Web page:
Sri Lanka can cut losses and benefit from Chinese investment in Hambantota: Samarajiva
ECONOMYNEXT – Sri Lanka can reap benefits from Chinese investments in Hambantota which is now a dead weight costing millions in loan repayments and interest each year on top of operatonal losses, an economist and infrastructure specialist has said.
Rohan Samarajiva, head of LirneAsia, a regional policy think tank said Hambantota was built with debt for which Sri Lanka’s tax payers are now responsible, but its economic value is limited, except for the Chinese.
Samarajiva was not a supporter of Hambantota for a long time because Colombo was already the hub for the region he did not see the rationale for a second major port nearby.
Colombo attracts mainline ships that travel quickly on the East-West Asian route. Feeder vessels mainly from India connects to Colombo to put containers on mainline vessels.
The more mainline vessels that comes, makes transhipping times shorter and makes the hub more attractive. As business grows more ships call.
"Hubs have network characteristics, that build up over time," explains Samarajiva. "It is difficult for a new port to attract business and grow successfully."
At the moment Hambantota is being used for vehicle transhipment by India based car makers. Hambantota also failed to attract large industries for whatever reasons.
Though proponents of Hambantota harbour pointed to ships passing in close proximity of Sri Lanka southern coast saying they could be supplied with bunkers, in the real world things did not happen that way.
Samarajiva says ships will not usually simply call at a port to refuel. In addition to cargo, ports also needed ship chandling services and related facilities.
"That is why I initially criticized the plan to develop Hambantota port," he says. "Then things changed because of China’s strategic needs."
Most ships from China going West now have to pass through Malacca straits, a narrow sea lane about which the Chinese were uncomfortable.
Very large so-called ‘Malaccamax’ crude carriers can barely make it through the straits.
"The Chinese are not comfortable with this situation. Strategically it is a choke-point for them."
This led China to build a port in Kyaukpyu in Burma. It is linked by land to China with pipelines to carry oil and serves as a second gateway to the country from the Bay of Bengal, diversifying external connections, Samarajiva says.
"Suddenly the economics of Hambantota changed," he says.
For the Chinese, Hambantota was useful to serve Kyaukpyu and other planned ports on the eastern side of the Bay of Bengal.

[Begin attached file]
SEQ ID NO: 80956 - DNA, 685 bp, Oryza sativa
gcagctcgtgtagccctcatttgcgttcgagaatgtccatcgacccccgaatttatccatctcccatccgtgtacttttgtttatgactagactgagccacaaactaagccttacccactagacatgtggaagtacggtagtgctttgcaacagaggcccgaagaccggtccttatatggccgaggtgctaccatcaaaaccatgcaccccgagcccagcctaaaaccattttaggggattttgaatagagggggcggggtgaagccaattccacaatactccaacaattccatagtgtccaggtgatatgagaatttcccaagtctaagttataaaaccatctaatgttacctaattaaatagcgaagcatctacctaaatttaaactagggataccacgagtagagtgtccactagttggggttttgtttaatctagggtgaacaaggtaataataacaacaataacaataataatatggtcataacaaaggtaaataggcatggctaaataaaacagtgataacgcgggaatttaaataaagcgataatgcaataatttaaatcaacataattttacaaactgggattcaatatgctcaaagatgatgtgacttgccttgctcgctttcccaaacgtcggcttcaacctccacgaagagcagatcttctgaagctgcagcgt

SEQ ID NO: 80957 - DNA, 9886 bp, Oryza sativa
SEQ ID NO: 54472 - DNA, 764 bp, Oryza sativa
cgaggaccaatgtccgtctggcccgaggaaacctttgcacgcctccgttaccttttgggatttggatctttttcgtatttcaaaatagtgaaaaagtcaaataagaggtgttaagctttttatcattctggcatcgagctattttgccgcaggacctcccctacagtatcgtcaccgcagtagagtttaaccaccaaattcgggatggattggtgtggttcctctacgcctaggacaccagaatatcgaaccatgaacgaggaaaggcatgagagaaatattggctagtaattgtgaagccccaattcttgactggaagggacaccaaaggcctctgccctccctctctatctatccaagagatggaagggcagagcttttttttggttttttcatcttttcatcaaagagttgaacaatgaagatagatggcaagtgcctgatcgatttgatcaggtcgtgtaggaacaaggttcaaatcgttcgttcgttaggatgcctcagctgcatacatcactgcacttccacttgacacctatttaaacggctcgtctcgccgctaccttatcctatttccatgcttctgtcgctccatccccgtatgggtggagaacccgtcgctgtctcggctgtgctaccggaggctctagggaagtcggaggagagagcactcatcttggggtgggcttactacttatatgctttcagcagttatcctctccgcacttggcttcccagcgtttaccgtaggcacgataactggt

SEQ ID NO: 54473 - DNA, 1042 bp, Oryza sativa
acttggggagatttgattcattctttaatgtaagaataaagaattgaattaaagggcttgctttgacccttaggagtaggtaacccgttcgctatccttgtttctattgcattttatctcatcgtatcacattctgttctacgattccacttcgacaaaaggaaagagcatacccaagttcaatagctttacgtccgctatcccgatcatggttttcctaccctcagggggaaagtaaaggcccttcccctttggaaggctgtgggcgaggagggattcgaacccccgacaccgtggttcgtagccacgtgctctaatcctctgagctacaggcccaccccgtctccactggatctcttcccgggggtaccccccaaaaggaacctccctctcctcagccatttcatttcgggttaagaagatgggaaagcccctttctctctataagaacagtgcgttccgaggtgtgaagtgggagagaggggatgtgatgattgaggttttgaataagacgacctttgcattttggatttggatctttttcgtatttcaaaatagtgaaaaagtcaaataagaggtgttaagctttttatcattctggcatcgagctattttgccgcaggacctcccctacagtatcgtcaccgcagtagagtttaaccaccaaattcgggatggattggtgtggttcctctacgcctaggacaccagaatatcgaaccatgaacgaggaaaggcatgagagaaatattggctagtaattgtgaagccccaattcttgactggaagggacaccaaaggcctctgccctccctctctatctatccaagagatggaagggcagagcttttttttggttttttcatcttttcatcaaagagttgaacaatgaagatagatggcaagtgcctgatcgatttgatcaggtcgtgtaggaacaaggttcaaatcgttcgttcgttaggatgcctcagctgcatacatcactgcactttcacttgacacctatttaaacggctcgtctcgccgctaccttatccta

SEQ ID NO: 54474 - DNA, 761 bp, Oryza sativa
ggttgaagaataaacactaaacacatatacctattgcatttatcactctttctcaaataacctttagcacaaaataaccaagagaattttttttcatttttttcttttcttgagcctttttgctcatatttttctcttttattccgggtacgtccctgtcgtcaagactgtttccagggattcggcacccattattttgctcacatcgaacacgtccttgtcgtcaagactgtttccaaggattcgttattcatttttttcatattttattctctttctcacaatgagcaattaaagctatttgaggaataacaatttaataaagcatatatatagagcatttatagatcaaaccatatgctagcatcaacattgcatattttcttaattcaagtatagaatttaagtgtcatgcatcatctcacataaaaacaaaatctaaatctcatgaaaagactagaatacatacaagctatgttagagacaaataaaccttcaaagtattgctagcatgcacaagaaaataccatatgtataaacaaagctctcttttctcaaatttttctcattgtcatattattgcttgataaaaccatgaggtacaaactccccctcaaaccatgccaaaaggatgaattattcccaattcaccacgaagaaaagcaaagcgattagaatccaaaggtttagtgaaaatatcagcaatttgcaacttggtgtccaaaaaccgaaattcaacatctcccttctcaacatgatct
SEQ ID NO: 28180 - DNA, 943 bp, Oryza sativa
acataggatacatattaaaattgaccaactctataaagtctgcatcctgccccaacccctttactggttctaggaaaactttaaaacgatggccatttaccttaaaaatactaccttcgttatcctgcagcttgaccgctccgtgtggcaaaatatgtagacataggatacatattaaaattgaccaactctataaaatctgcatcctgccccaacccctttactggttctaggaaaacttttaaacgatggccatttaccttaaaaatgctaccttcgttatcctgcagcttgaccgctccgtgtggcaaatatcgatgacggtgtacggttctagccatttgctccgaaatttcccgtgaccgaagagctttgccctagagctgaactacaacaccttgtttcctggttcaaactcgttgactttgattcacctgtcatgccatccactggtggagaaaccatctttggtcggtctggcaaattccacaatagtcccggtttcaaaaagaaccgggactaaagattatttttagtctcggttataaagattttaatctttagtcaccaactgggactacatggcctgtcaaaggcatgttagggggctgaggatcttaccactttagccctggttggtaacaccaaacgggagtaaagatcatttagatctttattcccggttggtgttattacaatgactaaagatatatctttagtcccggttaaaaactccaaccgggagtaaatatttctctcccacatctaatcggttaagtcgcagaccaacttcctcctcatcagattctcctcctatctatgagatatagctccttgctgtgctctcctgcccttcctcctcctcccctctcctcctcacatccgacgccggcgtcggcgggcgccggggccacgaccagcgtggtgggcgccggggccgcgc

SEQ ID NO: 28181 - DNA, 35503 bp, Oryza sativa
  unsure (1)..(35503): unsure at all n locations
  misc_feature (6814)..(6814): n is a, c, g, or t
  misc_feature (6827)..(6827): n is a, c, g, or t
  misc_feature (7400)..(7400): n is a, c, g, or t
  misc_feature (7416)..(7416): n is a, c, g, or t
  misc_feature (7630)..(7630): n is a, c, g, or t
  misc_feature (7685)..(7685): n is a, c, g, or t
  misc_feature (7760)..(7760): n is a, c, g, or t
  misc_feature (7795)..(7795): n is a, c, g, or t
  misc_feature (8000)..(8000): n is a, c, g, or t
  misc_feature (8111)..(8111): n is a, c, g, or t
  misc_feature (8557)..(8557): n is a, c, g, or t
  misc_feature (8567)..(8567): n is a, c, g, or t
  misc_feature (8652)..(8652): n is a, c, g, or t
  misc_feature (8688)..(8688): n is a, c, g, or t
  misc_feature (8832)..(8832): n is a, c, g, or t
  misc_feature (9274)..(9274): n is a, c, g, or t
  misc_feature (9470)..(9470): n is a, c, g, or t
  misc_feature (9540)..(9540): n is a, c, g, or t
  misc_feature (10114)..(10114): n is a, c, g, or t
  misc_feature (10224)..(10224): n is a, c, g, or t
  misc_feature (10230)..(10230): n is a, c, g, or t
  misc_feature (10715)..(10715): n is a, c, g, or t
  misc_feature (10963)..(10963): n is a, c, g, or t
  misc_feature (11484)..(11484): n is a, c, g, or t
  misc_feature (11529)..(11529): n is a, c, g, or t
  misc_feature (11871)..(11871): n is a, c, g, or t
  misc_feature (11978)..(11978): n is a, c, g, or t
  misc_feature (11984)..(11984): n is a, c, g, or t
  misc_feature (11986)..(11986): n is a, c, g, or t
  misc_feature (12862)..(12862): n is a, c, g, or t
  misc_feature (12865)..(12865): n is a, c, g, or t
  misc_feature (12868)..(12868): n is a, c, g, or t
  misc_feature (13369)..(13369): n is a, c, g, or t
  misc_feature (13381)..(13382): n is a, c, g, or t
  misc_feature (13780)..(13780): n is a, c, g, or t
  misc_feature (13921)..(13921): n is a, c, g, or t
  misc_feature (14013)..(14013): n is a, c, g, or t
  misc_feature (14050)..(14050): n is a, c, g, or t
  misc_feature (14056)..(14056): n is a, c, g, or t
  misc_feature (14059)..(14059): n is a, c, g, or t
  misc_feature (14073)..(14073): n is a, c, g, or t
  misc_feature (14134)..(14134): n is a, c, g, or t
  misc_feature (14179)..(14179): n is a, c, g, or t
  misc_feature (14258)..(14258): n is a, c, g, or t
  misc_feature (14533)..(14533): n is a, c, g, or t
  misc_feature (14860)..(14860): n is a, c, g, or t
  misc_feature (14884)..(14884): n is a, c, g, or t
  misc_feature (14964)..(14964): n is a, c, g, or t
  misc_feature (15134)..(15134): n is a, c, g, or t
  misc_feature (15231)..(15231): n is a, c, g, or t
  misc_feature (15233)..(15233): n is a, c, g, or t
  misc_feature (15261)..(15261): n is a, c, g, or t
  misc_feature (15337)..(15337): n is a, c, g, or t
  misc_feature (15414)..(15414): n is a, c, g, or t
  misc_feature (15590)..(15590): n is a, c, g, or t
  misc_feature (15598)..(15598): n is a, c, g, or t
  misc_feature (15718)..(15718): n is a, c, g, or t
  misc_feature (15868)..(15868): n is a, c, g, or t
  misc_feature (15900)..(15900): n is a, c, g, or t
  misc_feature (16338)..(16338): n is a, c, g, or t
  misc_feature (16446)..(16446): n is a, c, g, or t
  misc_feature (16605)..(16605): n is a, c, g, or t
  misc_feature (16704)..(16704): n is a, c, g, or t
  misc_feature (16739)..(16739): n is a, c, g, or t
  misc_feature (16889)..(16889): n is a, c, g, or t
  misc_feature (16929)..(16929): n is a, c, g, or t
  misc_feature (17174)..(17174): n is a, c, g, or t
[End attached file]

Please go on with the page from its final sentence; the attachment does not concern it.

Before post-independence economic nationalism by former British possessions in the region led to trade and other controls, strangling free trade, the Bay of Bengal was a very busy place, Samarajiva says.
The Rajapaksa regime chose to build Hambantota with loans paying interest. They did not fully understand the concept of getting equity investment and sharing risk due to a statist ideology.
"Now the loans have been taken. What many people do not understand is that it is a sunk cost, which is burden," Samarajiva says.
"Nobody, Japan or anyone else was interested enough to invest and make a business out of it."
Apart from getting 1.1 billion US dollars – which the government can use to repay Chinese or other loans – no further operating losses will burden the people. With a 20 percent stake, Sri Lanka Ports Authority could also earn profits in the future.
There have been statements made that after the port starts making profits, China will consider paying some fees, though there is no certainty over that.
Concerns have been raised that the period of the concession to the Chinese 99-years is too long.
Samarajiva’s says the government would have been in a better position if negotiations for a partnership had been worked out early.
"The nature of the investment is what justifies the length of a concession or lease," Samarajiva says.
"If you have large investments, say in power plants and associated infrastructure which take time to yield returns, the concession has to be long," he says.
"In the CICT terminal in the Colombo South Harbour, the investment is less complex, being directly connected to terminal operations. Therefore, a shorted term is justified.
"Should it be 50 years, 75 years or 99 years in Hambantota? One cannot give an answer without more information on the investments being planned and the business plans.
"One would need to know whether the PPP is responsible for the LNG terminal and pipelines that are to serve the proposed power plant and the infrastructure to support the proposed industrial parks.
"The main point is that there is no correct number. It is a negotiated number. The Chinese can afford to wait. The government cannot, because loan repayments have started."
The confusion is partly related to lack of information about the underlying deal. Sri Lanka originally had a framework deal to give a 60 percent stake in container terminals to China Merchants group and lease space for a dockyard to Cosco group.
The government also called bids for an international players to operate bunkering. The plans were suddenly dropped.
Samarajiva says a key point is that the government has not agreed to any conditions that limits its ability to develop Colombo and Galle ports.
"My understanding is that the Chinese request for a commitment not to develop potentially competitive ports within a distance that could include Galle has been refused. That is more important than worrying about the length of the lease." (Colombo/Dec29/2016 – Update II)